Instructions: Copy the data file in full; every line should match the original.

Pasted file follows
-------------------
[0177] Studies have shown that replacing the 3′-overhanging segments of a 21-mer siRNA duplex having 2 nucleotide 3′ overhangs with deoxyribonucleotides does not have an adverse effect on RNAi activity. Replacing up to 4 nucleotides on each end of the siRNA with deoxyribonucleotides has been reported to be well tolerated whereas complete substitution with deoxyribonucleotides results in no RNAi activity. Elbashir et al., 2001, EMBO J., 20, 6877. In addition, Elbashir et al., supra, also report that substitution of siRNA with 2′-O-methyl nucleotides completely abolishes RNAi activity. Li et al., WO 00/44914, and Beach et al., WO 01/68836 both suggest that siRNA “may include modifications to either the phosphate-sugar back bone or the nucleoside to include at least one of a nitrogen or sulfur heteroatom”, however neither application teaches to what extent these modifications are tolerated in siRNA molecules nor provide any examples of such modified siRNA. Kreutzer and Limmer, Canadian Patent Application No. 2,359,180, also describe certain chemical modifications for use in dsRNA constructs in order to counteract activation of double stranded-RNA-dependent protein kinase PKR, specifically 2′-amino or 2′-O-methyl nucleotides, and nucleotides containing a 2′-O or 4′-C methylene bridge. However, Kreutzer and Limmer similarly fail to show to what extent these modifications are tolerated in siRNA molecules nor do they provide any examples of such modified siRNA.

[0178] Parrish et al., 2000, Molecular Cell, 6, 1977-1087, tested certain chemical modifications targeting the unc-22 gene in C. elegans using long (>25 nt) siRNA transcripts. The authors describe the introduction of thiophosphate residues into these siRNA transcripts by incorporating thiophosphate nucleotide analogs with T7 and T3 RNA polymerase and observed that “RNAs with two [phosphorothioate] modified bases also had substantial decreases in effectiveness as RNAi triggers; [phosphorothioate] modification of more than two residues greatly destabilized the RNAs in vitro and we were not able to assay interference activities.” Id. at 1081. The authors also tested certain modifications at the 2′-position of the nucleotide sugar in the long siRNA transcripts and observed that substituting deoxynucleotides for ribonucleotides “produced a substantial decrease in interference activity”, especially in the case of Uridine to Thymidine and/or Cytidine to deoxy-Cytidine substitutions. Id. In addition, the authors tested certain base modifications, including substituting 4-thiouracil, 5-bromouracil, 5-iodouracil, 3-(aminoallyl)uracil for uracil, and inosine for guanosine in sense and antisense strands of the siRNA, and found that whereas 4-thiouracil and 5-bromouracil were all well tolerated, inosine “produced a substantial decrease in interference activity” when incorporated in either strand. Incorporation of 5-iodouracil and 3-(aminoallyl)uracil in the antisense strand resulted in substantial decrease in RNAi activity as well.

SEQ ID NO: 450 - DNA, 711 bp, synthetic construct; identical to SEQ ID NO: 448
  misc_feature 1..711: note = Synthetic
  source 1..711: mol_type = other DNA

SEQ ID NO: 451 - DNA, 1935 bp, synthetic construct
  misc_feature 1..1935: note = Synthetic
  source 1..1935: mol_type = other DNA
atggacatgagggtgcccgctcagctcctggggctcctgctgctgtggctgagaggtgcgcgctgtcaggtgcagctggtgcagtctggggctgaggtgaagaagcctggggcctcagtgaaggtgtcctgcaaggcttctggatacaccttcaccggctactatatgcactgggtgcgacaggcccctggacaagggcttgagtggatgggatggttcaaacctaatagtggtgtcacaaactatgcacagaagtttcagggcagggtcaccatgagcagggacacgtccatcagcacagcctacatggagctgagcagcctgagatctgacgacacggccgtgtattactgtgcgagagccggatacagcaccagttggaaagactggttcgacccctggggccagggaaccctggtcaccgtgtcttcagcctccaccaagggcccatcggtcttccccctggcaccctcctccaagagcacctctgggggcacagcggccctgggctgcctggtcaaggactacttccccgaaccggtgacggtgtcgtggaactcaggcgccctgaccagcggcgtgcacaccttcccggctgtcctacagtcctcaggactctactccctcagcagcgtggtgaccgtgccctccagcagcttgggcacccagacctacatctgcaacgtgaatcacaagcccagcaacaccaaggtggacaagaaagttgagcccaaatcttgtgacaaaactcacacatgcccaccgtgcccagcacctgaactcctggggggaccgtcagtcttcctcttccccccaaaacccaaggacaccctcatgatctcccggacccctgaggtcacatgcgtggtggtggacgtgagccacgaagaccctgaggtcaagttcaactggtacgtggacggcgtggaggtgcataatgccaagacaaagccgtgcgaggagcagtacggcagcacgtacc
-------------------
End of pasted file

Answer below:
[0177] Studies have shown that replacing the 3′-overhanging segments of a 21-mer siRNA duplex having 2 nucleotide 3′ overhangs with deoxyribonucleotides does not have an adverse effect on RNAi activity. Replacing up to 4 nucleotides on each end of the siRNA with deoxyribonucleotides has been reported to be well tolerated whereas complete substitution with deoxyribonucleotides results in no RNAi activity. Elbashir et al., 2001, EMBO J., 20, 6877. In addition, Elbashir et al., supra, also report that substitution of siRNA with 2′-O-methyl nucleotides completely abolishes RNAi activity. Li et al., WO 00/44914, and Beach et al., WO 01/68836 both suggest that siRNA “may include modifications to either the phosphate-sugar back bone or the nucleoside to include at least one of a nitrogen or sulfur heteroatom”, however neither application teaches to what extent these modifications are tolerated in siRNA molecules nor provide any examples of such modified siRNA. Kreutzer and Limmer, Canadian Patent Application No. 2,359,180, also describe certain chemical modifications for use in dsRNA constructs in order to counteract activation of double stranded-RNA-dependent protein kinase PKR, specifically 2′-amino or 2′-O-methyl nucleotides, and nucleotides containing a 2′-O or 4′-C methylene bridge. However, Kreutzer and Limmer similarly fail to show to what extent these modifications are tolerated in siRNA molecules nor do they provide any examples of such modified siRNA.

[0178] Parrish et al., 2000, Molecular Cell, 6, 1977-1087, tested certain chemical modifications targeting the unc-22 gene in C. elegans using long (>25 nt) siRNA transcripts. The authors describe the introduction of thiophosphate residues into these siRNA transcripts by incorporating thiophosphate nucleotide analogs with T7 and T3 RNA polymerase and observed that “RNAs with two [phosphorothioate] modified bases also had substantial decreases in effectiveness as RNAi triggers; [phosphorothioate] modification of more than two residues greatly destabilized the RNAs in vitro and we were not able to assay interference activities.” Id. at 1081. The authors also tested certain modifications at the 2′-position of the nucleotide sugar in the long siRNA transcripts and observed that substituting deoxynucleotides for ribonucleotides “produced a substantial decrease in interference activity”, especially in the case of Uridine to Thymidine and/or Cytidine to deoxy-Cytidine substitutions. Id. In addition, the authors tested certain base modifications, including substituting 4-thiouracil, 5-bromouracil, 5-iodouracil, 3-(aminoallyl)uracil for uracil, and inosine for guanosine in sense and antisense strands of the siRNA, and found that whereas 4-thiouracil and 5-bromouracil were all well tolerated, inosine “produced a substantial decrease in interference activity” when incorporated in either strand. Incorporation of 5-iodouracil and 3-(aminoallyl)uracil in the antisense strand resulted in substantial decrease in RNAi activity as well.

SEQ ID NO: 450 - DNA, 711 bp, synthetic construct; identical to SEQ ID NO: 448
  misc_feature 1..711: note = Synthetic
  source 1..711: mol_type = other DNA

SEQ ID NO: 451 - DNA, 1935 bp, synthetic construct
  misc_feature 1..1935: note = Synthetic
  source 1..1935: mol_type = other DNA
atggacatgagggtgcccgctcagctcctggggctcctgctgctgtggctgagaggtgcgcgctgtcaggtgcagctggtgcagtctggggctgaggtgaagaagcctggggcctcagtgaaggtgtcctgcaaggcttctggatacaccttcaccggctactatatgcactgggtgcgacaggcccctggacaagggcttgagtggatgggatggttcaaacctaatagtggtgtcacaaactatgcacagaagtttcagggcagggtcaccatgagcagggacacgtccatcagcacagcctacatggagctgagcagcctgagatctgacgacacggccgtgtattactgtgcgagagccggatacagcaccagttggaaagactggttcgacccctggggccagggaaccctggtcaccgtgtcttcagcctccaccaagggcccatcggtcttccccctggcaccctcctccaagagcacctctgggggcacagcggccctgggctgcctggtcaaggactacttccccgaaccggtgacggtgtcgtggaactcaggcgccctgaccagcggcgtgcacaccttcccggctgtcctacagtcctcaggactctactccctcagcagcgtggtgaccgtgccctccagcagcttgggcacccagacctacatctgcaacgtgaatcacaagcccagcaacaccaaggtggacaagaaagttgagcccaaatcttgtgacaaaactcacacatgcccaccgtgcccagcacctgaactcctggggggaccgtcagtcttcctcttccccccaaaacccaaggacaccctcatgatctcccggacccctgaggtcacatgcgtggtggtggacgtgagccacgaagaccctgaggtcaagttcaactggtacgtggacggcgtggaggtgcataatgccaagacaaagccgtgcgaggagcagtacggcagcacgtacc